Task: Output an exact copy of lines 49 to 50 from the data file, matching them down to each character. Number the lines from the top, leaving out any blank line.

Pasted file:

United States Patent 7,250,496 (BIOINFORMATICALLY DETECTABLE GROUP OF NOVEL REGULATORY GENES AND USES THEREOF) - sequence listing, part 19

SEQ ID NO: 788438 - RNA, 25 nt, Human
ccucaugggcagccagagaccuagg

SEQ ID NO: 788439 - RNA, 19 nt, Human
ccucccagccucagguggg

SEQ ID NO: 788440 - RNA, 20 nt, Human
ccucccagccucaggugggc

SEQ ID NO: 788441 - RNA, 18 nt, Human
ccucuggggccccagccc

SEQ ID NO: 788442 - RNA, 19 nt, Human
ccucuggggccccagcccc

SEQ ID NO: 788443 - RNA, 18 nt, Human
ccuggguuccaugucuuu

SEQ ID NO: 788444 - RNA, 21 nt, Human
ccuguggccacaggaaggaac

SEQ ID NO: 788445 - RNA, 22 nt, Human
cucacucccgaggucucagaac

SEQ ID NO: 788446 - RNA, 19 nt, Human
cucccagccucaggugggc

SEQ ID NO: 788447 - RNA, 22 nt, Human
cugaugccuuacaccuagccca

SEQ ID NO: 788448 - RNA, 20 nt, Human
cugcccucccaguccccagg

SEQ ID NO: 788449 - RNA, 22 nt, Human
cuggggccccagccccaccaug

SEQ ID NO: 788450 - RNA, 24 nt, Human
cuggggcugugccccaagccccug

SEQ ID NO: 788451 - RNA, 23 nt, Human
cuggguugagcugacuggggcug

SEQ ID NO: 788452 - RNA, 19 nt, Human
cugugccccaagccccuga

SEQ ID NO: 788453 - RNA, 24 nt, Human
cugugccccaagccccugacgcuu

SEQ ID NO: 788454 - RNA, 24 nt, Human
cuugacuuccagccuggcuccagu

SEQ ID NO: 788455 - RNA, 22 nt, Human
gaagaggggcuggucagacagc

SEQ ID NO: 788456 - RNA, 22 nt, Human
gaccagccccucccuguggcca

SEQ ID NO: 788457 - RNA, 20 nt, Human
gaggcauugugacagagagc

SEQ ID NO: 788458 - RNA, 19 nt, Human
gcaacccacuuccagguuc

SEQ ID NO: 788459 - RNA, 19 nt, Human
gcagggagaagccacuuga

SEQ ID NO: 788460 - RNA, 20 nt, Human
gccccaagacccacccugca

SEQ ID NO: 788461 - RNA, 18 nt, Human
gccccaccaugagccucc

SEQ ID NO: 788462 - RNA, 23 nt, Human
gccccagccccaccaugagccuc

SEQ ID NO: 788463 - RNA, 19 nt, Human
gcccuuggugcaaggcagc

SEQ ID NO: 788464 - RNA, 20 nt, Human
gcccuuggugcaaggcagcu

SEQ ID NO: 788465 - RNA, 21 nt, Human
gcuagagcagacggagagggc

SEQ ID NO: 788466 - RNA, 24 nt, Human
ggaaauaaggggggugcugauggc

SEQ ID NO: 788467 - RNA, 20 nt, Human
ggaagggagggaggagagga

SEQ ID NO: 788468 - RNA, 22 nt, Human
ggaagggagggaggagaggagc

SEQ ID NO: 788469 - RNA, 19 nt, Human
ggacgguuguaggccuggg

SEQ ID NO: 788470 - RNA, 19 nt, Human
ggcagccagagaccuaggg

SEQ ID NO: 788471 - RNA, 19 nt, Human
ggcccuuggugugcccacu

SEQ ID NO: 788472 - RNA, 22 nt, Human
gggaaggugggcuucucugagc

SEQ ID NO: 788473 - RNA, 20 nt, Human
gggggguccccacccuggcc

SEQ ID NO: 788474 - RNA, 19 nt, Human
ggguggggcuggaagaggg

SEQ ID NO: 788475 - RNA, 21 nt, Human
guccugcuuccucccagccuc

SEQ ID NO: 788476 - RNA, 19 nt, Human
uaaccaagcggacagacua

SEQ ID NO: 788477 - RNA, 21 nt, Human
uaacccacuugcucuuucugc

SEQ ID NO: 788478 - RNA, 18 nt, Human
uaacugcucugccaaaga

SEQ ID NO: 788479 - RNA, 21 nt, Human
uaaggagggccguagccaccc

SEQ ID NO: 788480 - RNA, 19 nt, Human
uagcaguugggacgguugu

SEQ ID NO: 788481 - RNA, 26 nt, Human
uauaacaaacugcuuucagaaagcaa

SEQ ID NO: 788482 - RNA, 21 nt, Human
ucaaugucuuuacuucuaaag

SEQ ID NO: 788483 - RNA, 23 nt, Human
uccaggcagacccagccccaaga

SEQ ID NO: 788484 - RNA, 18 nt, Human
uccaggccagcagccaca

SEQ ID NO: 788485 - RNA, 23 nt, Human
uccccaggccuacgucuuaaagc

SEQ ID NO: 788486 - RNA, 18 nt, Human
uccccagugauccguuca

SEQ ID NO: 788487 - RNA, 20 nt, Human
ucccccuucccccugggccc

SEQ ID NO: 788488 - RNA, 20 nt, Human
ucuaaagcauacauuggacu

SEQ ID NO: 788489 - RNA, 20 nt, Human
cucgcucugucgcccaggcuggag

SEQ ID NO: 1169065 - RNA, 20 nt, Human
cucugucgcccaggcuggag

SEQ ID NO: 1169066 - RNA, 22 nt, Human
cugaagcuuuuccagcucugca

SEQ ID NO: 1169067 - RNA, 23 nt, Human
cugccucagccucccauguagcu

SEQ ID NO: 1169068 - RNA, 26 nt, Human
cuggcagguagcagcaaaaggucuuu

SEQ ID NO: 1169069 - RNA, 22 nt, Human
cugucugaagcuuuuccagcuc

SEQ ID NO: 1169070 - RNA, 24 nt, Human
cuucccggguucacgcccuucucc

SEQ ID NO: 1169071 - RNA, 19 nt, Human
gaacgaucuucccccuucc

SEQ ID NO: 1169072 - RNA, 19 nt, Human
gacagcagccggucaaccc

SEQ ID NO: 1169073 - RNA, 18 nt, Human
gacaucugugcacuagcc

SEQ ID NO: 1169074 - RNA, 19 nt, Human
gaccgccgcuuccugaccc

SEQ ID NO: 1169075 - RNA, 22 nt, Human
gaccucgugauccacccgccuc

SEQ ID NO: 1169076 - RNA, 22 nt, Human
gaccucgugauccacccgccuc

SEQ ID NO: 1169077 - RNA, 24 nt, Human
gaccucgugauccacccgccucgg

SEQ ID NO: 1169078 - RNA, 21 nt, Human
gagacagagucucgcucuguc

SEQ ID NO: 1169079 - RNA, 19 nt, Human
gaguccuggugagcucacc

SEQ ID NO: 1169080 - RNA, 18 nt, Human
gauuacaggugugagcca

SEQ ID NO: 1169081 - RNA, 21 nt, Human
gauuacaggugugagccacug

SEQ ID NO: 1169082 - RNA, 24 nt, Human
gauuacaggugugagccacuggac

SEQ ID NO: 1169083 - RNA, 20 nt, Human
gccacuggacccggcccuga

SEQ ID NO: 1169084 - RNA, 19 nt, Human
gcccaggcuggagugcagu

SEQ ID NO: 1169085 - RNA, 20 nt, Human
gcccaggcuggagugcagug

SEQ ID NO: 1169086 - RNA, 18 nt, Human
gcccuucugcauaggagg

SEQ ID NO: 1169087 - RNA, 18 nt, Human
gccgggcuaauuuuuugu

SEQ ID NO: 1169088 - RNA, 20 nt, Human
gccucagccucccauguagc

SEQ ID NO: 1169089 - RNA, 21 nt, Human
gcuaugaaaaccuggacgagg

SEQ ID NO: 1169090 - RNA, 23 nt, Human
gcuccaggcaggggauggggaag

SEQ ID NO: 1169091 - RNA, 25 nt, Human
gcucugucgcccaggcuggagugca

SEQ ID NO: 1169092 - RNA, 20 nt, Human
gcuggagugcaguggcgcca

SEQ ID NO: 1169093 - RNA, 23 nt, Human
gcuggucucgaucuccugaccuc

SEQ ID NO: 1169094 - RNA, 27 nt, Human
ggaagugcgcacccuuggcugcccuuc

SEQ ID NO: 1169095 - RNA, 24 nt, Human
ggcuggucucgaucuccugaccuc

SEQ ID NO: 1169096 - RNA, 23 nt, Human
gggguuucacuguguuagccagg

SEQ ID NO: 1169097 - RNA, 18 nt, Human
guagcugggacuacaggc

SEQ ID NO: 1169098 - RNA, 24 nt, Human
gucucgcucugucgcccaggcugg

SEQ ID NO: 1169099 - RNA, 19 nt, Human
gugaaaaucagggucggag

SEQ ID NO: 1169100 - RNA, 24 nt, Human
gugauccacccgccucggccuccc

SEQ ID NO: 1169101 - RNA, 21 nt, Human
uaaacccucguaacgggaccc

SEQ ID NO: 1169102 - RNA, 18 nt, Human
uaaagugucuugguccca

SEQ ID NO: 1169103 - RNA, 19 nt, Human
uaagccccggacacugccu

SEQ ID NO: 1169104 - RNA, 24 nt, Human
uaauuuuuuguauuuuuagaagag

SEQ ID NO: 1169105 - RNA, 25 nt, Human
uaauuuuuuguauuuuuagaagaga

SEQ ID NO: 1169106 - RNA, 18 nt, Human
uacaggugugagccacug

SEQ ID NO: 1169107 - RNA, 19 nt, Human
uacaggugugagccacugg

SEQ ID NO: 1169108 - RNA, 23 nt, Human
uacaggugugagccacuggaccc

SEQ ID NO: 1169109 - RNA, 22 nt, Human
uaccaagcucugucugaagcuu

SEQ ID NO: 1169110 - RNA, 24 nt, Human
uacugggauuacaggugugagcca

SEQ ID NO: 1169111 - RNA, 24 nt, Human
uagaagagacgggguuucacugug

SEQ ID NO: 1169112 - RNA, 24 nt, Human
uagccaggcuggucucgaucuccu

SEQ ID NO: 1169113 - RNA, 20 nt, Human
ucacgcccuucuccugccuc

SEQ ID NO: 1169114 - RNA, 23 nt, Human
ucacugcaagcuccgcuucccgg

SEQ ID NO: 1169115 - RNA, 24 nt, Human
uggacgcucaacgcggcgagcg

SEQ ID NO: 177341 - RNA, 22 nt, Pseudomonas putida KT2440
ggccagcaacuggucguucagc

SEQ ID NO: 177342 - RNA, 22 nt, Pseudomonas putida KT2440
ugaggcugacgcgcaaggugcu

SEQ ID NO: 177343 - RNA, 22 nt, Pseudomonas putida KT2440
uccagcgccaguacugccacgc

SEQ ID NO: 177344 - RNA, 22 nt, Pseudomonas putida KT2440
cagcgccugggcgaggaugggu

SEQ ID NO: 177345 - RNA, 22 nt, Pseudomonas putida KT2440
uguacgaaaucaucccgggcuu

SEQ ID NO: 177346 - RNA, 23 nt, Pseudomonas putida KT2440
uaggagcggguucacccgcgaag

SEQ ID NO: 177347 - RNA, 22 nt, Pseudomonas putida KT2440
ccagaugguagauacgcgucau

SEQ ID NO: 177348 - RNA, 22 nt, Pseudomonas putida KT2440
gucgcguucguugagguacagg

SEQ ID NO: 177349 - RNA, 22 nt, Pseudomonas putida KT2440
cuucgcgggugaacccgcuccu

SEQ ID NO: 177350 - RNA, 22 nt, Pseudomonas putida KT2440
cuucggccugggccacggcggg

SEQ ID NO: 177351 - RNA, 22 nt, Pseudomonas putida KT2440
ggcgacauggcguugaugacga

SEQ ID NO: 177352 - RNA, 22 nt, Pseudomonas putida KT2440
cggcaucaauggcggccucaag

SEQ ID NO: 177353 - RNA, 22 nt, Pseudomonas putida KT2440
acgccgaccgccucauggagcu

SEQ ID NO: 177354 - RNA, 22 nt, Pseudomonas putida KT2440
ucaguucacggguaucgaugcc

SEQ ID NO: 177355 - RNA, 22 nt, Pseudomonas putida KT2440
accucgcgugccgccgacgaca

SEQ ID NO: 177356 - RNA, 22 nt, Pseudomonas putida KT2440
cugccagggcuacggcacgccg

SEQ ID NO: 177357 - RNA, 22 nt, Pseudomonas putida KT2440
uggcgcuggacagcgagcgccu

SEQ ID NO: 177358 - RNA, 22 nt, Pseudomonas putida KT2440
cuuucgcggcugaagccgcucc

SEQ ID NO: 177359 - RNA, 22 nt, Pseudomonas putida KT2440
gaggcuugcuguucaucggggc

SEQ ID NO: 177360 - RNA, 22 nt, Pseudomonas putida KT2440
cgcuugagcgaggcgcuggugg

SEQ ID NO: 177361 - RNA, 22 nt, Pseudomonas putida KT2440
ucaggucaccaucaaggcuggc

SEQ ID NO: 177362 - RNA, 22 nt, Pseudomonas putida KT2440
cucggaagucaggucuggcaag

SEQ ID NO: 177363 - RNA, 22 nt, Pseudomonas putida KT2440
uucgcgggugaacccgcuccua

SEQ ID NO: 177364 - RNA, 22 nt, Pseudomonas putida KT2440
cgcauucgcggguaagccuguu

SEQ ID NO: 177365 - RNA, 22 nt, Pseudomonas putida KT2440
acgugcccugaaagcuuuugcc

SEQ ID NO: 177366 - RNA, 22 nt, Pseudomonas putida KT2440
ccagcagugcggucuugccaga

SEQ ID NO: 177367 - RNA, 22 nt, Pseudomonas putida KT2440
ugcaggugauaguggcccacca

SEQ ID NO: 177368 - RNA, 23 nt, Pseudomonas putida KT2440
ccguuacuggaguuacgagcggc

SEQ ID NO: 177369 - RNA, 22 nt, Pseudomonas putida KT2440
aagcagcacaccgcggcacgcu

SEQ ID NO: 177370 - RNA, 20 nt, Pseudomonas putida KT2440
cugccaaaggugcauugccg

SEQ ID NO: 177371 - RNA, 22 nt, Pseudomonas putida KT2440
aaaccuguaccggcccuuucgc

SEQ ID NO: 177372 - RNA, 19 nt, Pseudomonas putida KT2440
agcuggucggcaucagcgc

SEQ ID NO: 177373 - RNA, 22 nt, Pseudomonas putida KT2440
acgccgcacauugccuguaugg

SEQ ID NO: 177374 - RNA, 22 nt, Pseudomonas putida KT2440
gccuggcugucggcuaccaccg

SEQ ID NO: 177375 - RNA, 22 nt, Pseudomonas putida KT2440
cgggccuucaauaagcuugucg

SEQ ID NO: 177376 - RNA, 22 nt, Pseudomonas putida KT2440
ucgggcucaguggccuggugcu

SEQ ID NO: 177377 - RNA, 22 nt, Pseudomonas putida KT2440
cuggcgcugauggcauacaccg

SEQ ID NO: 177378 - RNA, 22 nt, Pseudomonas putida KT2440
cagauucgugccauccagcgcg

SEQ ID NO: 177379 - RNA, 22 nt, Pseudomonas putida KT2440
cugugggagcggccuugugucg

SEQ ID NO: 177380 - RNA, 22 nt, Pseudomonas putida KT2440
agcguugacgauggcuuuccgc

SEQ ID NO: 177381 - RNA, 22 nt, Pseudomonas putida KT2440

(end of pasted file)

gccccaccaugagccucc

SEQ ID NO: 788462 - RNA, 23 nt, Human